That is no guarantee that opting out will be simple or easy. The Copyright Office’s regulations do not tend towards being easy reading for the average person. We see that every three years, when the Copyright Office issues its exemptions for Section 1201 of the DMCA.
Section 1201 bans circumventing of access controls on copyrighted works. It also empowers the Copyright Office to create exemptions to this prohibition. In certain circumstances—often ones rooted in free expression—you have the right to use copyrighted material without permission or paying the owner. And that “you” means everybody, not just people who make a living as documentary filmmakers, security researchers, and so on. However, the Copyright Office continues to make exemptions too complicated for regular people who don’t have lawyers to understand and use.
Given this history, it seems more likely than not that, if the CASE Act became law, the Copyright Office would continue in this vein. That is, its regulations would not be made easy to read and comply with. And the decisions of the claims board would focus less on issues of fair use and free expression, but more on technicalities and serving the desires of copyright holders.
In this environment, copyright trolls and worse would flourish. Copyright trolls make their money through copyright lawsuits, rather than through any legitimate creation. They are not fictional, nor are they a problem of the past. The CASE Act would make it easy for trolls to file a lot of claims. Not only could the trolls collect on those claims, but they could use the $30,000 limit to get their targets to agree to pay less, just to avoid the chance of a huge judgment being awarded by the board. And like in the case of the DMCA takedown system, most regular Internet users would find themselves in a scary, expensive situation if they tried to fight back.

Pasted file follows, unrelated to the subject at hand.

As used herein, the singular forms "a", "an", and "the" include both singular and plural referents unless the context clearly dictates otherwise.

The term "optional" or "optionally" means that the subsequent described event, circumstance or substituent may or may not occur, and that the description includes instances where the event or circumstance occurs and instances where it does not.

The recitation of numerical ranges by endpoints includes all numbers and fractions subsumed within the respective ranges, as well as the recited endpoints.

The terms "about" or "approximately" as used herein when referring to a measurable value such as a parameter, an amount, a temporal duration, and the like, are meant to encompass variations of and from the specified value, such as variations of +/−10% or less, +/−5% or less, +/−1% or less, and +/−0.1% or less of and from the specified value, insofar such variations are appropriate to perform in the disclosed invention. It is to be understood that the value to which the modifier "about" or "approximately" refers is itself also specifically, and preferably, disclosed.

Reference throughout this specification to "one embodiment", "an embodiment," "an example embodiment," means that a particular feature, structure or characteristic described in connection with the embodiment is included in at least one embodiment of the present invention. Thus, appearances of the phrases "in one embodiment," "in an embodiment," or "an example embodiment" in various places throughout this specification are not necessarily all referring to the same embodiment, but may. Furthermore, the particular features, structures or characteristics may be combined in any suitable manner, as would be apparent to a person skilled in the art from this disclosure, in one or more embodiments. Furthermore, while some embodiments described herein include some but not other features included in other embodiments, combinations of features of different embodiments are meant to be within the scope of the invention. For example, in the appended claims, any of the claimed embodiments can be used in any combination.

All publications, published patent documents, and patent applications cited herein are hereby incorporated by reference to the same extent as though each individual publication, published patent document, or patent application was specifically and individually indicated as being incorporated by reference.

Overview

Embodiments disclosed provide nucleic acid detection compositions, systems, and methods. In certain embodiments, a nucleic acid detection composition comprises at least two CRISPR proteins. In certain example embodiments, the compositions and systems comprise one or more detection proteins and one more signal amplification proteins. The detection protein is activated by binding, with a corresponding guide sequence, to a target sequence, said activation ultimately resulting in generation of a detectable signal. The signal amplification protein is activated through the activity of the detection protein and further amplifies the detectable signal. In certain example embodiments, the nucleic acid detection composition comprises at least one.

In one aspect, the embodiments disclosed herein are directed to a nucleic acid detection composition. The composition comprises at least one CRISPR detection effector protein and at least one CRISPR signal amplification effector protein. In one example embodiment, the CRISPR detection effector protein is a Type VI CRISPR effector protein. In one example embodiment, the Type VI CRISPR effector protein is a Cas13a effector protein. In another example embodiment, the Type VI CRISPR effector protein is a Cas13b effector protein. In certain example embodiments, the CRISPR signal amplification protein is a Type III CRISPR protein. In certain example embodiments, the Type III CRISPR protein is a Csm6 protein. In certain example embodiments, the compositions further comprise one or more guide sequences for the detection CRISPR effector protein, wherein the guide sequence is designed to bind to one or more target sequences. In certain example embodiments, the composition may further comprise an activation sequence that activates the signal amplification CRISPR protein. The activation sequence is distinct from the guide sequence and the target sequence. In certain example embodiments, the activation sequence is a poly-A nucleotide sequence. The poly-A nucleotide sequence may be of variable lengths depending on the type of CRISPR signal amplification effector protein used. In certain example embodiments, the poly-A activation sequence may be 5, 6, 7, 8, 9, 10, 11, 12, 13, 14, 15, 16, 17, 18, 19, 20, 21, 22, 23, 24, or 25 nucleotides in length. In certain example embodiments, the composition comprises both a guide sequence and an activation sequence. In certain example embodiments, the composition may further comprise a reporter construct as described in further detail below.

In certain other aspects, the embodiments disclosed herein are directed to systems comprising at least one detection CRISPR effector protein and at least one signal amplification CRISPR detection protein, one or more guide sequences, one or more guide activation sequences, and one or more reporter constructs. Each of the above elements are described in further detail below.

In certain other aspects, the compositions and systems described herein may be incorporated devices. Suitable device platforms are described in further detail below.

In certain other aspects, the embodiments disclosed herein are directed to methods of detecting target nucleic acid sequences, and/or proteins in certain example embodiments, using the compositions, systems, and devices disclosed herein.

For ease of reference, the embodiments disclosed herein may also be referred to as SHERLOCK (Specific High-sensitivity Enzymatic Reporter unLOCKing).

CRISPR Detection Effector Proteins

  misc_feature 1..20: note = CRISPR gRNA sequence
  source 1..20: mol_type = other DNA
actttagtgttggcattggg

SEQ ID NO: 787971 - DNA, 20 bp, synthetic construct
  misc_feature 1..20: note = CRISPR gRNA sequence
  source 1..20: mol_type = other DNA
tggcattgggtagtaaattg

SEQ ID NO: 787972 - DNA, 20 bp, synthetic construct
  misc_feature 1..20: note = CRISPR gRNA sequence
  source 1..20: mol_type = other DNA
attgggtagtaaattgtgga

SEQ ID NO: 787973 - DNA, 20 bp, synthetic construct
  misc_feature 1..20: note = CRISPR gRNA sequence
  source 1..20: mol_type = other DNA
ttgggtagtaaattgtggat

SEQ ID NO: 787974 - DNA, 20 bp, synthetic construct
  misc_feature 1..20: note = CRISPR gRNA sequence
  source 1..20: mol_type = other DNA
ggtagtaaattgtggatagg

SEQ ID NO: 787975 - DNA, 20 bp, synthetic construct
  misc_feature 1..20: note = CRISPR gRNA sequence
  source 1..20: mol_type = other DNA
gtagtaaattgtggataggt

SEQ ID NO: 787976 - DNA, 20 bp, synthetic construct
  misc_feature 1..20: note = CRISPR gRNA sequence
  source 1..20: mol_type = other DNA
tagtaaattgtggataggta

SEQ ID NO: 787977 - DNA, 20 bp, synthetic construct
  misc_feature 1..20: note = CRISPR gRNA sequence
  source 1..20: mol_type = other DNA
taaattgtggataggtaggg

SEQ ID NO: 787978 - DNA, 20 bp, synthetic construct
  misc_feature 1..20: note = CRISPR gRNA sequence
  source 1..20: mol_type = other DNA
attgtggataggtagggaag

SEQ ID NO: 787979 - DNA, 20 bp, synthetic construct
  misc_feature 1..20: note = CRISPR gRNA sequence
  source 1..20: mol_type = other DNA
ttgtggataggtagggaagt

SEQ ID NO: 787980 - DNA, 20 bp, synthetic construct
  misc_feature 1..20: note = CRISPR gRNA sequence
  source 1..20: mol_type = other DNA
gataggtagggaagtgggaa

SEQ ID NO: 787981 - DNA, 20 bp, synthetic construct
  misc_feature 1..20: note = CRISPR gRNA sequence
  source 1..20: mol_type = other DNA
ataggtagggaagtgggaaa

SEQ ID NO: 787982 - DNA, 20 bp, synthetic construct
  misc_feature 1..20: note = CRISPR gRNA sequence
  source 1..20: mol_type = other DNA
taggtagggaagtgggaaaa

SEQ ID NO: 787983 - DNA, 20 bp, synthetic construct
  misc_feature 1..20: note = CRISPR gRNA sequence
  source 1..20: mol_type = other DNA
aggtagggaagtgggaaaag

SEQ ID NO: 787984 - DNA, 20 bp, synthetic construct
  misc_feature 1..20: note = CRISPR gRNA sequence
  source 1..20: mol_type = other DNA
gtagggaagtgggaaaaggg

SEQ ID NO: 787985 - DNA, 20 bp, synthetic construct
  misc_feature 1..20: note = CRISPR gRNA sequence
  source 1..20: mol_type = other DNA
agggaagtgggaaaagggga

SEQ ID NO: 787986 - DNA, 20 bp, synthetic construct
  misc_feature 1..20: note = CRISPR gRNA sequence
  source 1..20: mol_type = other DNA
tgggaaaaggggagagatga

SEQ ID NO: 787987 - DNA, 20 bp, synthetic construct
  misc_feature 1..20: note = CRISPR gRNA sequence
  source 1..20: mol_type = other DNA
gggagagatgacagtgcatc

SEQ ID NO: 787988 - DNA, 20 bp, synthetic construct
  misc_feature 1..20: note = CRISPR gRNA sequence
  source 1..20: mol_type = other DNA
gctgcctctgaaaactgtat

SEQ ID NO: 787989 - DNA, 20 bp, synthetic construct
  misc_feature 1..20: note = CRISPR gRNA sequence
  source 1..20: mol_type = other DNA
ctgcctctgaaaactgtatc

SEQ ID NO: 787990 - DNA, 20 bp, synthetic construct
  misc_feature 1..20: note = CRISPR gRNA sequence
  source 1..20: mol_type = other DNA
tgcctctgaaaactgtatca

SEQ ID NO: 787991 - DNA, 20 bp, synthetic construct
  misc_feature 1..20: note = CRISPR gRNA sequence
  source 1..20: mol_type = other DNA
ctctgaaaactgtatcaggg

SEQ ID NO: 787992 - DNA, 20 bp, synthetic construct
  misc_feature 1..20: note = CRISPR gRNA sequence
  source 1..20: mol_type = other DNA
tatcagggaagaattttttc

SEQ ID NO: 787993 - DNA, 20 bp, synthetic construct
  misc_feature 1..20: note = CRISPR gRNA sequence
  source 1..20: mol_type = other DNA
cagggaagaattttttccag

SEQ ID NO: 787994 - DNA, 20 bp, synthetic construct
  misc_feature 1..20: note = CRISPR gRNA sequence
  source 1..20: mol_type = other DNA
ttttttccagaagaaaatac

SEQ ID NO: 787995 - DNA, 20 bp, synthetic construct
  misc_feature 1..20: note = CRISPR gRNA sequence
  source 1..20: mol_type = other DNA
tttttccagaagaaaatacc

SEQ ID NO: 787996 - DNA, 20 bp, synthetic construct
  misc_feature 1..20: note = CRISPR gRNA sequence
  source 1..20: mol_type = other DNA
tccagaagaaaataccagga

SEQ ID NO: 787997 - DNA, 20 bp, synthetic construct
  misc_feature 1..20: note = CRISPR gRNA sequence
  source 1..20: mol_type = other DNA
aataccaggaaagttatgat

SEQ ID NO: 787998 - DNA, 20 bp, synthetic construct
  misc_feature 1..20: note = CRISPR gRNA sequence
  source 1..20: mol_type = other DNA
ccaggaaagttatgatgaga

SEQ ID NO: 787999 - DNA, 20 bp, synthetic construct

DMCA takedown abuse has become a favorite tactic for scammers, and although the law makes it possible to go after fraudulent takedowns and counterclaims, it only happens in rare and extreme situations.
Because of how uneven the system the CASE Act would create is, and how complicated it stands to be, small copyright holders looking for a way to hold bad actors accountable are not going to find this system workable. Regular Internet users will be trapped, while those with money, and sophisticated infringers, will be able to navigate whatever opt-out system the Copyright Office creates.
So far this year, Congress has rushed the CASE Act through, without holding any hearings where its flaws could be publicly explained and debated. The CASE Act has passed out of committee in both the House and the Senate. Now that Congress is back in D.C., they need to hear from regular Internet users about how dangerous the CASE Act is for them. That’s why we’re asking you to call Congress today and tell your members of Congress to vote “no” on the CASE Act.
The Electronic Frontier Foundation is the leading nonprofit organization defending civil liberties in the digital world. Founded in 1990, EFF champions user privacy, free expression, and innovation through impact litigation, policy analysis, grassroots activism, and technology development. We work to ensure that rights and freedoms are enhanced and protected as our use of technology grows. Visit https://www.eff.org